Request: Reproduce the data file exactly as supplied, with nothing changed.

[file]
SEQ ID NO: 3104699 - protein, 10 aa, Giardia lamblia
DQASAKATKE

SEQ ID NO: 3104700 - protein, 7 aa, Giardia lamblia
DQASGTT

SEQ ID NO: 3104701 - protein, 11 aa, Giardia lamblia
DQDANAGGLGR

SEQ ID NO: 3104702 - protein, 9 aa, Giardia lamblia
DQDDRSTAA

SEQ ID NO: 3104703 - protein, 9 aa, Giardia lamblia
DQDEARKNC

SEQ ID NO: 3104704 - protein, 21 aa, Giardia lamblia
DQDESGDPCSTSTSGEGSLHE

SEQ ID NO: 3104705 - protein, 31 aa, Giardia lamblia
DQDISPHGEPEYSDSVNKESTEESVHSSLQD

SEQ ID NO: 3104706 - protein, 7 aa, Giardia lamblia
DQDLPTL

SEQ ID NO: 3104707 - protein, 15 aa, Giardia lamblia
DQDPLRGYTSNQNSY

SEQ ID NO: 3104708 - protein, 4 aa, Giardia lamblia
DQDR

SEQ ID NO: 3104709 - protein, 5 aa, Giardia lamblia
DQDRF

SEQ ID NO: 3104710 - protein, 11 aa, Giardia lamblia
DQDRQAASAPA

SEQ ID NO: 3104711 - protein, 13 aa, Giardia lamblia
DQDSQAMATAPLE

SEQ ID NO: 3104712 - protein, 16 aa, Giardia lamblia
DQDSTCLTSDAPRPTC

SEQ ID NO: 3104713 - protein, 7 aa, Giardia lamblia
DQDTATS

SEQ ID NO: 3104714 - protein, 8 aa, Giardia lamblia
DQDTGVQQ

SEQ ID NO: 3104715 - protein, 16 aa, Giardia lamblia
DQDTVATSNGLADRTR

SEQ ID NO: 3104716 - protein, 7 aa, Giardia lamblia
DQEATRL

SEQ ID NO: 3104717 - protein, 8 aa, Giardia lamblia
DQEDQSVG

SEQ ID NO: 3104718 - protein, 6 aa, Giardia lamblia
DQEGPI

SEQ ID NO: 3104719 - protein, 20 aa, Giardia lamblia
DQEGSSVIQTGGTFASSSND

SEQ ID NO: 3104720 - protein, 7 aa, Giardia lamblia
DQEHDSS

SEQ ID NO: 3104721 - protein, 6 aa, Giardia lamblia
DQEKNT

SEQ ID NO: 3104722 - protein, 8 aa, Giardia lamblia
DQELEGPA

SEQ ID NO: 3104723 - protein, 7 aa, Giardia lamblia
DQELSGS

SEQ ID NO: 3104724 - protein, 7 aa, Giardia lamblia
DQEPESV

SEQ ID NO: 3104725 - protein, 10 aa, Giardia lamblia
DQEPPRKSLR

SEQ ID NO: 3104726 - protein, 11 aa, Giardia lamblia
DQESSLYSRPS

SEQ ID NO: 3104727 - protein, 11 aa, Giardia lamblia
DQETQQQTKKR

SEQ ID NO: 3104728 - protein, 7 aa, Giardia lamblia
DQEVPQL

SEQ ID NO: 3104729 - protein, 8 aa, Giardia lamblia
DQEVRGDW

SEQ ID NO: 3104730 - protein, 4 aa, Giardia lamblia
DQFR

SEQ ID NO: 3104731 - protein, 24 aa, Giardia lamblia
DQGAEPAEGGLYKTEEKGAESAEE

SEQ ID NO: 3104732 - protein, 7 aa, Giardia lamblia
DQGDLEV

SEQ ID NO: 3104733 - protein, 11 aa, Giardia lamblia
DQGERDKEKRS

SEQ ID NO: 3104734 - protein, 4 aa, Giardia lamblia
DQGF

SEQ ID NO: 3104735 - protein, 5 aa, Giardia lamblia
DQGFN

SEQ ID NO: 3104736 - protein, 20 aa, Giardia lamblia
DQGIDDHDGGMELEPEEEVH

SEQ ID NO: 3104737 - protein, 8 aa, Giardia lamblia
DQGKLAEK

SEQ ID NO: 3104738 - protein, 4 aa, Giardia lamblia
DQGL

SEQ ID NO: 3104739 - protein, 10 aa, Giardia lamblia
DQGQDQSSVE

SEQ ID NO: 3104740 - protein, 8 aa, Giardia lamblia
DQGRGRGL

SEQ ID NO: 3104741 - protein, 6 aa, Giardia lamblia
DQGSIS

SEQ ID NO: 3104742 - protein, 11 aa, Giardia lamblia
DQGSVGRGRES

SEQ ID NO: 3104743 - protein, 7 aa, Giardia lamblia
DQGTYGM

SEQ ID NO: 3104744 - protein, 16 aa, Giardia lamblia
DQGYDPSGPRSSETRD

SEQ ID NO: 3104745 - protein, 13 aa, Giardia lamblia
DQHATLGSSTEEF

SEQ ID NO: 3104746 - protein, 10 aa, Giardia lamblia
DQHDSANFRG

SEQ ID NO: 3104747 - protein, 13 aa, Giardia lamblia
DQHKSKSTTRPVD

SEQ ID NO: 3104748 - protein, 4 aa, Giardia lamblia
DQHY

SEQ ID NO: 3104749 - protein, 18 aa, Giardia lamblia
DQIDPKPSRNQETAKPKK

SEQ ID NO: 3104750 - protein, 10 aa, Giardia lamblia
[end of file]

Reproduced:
SEQ ID NO: 3104699 - protein, 10 aa, Giardia lamblia
DQASAKATKE

SEQ ID NO: 3104700 - protein, 7 aa, Giardia lamblia
DQASGTT

SEQ ID NO: 3104701 - protein, 11 aa, Giardia lamblia
DQDANAGGLGR

SEQ ID NO: 3104702 - protein, 9 aa, Giardia lamblia
DQDDRSTAA

SEQ ID NO: 3104703 - protein, 9 aa, Giardia lamblia
DQDEARKNC

SEQ ID NO: 3104704 - protein, 21 aa, Giardia lamblia
DQDESGDPCSTSTSGEGSLHE

SEQ ID NO: 3104705 - protein, 31 aa, Giardia lamblia
DQDISPHGEPEYSDSVNKESTEESVHSSLQD

SEQ ID NO: 3104706 - protein, 7 aa, Giardia lamblia
DQDLPTL

SEQ ID NO: 3104707 - protein, 15 aa, Giardia lamblia
DQDPLRGYTSNQNSY

SEQ ID NO: 3104708 - protein, 4 aa, Giardia lamblia
DQDR

SEQ ID NO: 3104709 - protein, 5 aa, Giardia lamblia
DQDRF

SEQ ID NO: 3104710 - protein, 11 aa, Giardia lamblia
DQDRQAASAPA

SEQ ID NO: 3104711 - protein, 13 aa, Giardia lamblia
DQDSQAMATAPLE

SEQ ID NO: 3104712 - protein, 16 aa, Giardia lamblia
DQDSTCLTSDAPRPTC

SEQ ID NO: 3104713 - protein, 7 aa, Giardia lamblia
DQDTATS

SEQ ID NO: 3104714 - protein, 8 aa, Giardia lamblia
DQDTGVQQ

SEQ ID NO: 3104715 - protein, 16 aa, Giardia lamblia
DQDTVATSNGLADRTR

SEQ ID NO: 3104716 - protein, 7 aa, Giardia lamblia
DQEATRL

SEQ ID NO: 3104717 - protein, 8 aa, Giardia lamblia
DQEDQSVG

SEQ ID NO: 3104718 - protein, 6 aa, Giardia lamblia
DQEGPI

SEQ ID NO: 3104719 - protein, 20 aa, Giardia lamblia
DQEGSSVIQTGGTFASSSND

SEQ ID NO: 3104720 - protein, 7 aa, Giardia lamblia
DQEHDSS

SEQ ID NO: 3104721 - protein, 6 aa, Giardia lamblia
DQEKNT

SEQ ID NO: 3104722 - protein, 8 aa, Giardia lamblia
DQELEGPA

SEQ ID NO: 3104723 - protein, 7 aa, Giardia lamblia
DQELSGS

SEQ ID NO: 3104724 - protein, 7 aa, Giardia lamblia
DQEPESV

SEQ ID NO: 3104725 - protein, 10 aa, Giardia lamblia
DQEPPRKSLR

SEQ ID NO: 3104726 - protein, 11 aa, Giardia lamblia
DQESSLYSRPS

SEQ ID NO: 3104727 - protein, 11 aa, Giardia lamblia
DQETQQQTKKR

SEQ ID NO: 3104728 - protein, 7 aa, Giardia lamblia
DQEVPQL

SEQ ID NO: 3104729 - protein, 8 aa, Giardia lamblia
DQEVRGDW

SEQ ID NO: 3104730 - protein, 4 aa, Giardia lamblia
DQFR

SEQ ID NO: 3104731 - protein, 24 aa, Giardia lamblia
DQGAEPAEGGLYKTEEKGAESAEE

SEQ ID NO: 3104732 - protein, 7 aa, Giardia lamblia
DQGDLEV

SEQ ID NO: 3104733 - protein, 11 aa, Giardia lamblia
DQGERDKEKRS

SEQ ID NO: 3104734 - protein, 4 aa, Giardia lamblia
DQGF

SEQ ID NO: 3104735 - protein, 5 aa, Giardia lamblia
DQGFN

SEQ ID NO: 3104736 - protein, 20 aa, Giardia lamblia
DQGIDDHDGGMELEPEEEVH

SEQ ID NO: 3104737 - protein, 8 aa, Giardia lamblia
DQGKLAEK

SEQ ID NO: 3104738 - protein, 4 aa, Giardia lamblia
DQGL

SEQ ID NO: 3104739 - protein, 10 aa, Giardia lamblia
DQGQDQSSVE

SEQ ID NO: 3104740 - protein, 8 aa, Giardia lamblia
DQGRGRGL

SEQ ID NO: 3104741 - protein, 6 aa, Giardia lamblia
DQGSIS

SEQ ID NO: 3104742 - protein, 11 aa, Giardia lamblia
DQGSVGRGRES

SEQ ID NO: 3104743 - protein, 7 aa, Giardia lamblia
DQGTYGM

SEQ ID NO: 3104744 - protein, 16 aa, Giardia lamblia
DQGYDPSGPRSSETRD

SEQ ID NO: 3104745 - protein, 13 aa, Giardia lamblia
DQHATLGSSTEEF

SEQ ID NO: 3104746 - protein, 10 aa, Giardia lamblia
DQHDSANFRG

SEQ ID NO: 3104747 - protein, 13 aa, Giardia lamblia
DQHKSKSTTRPVD

SEQ ID NO: 3104748 - protein, 4 aa, Giardia lamblia
DQHY

SEQ ID NO: 3104749 - protein, 18 aa, Giardia lamblia
DQIDPKPSRNQETAKPKK

SEQ ID NO: 3104750 - protein, 10 aa, Giardia lamblia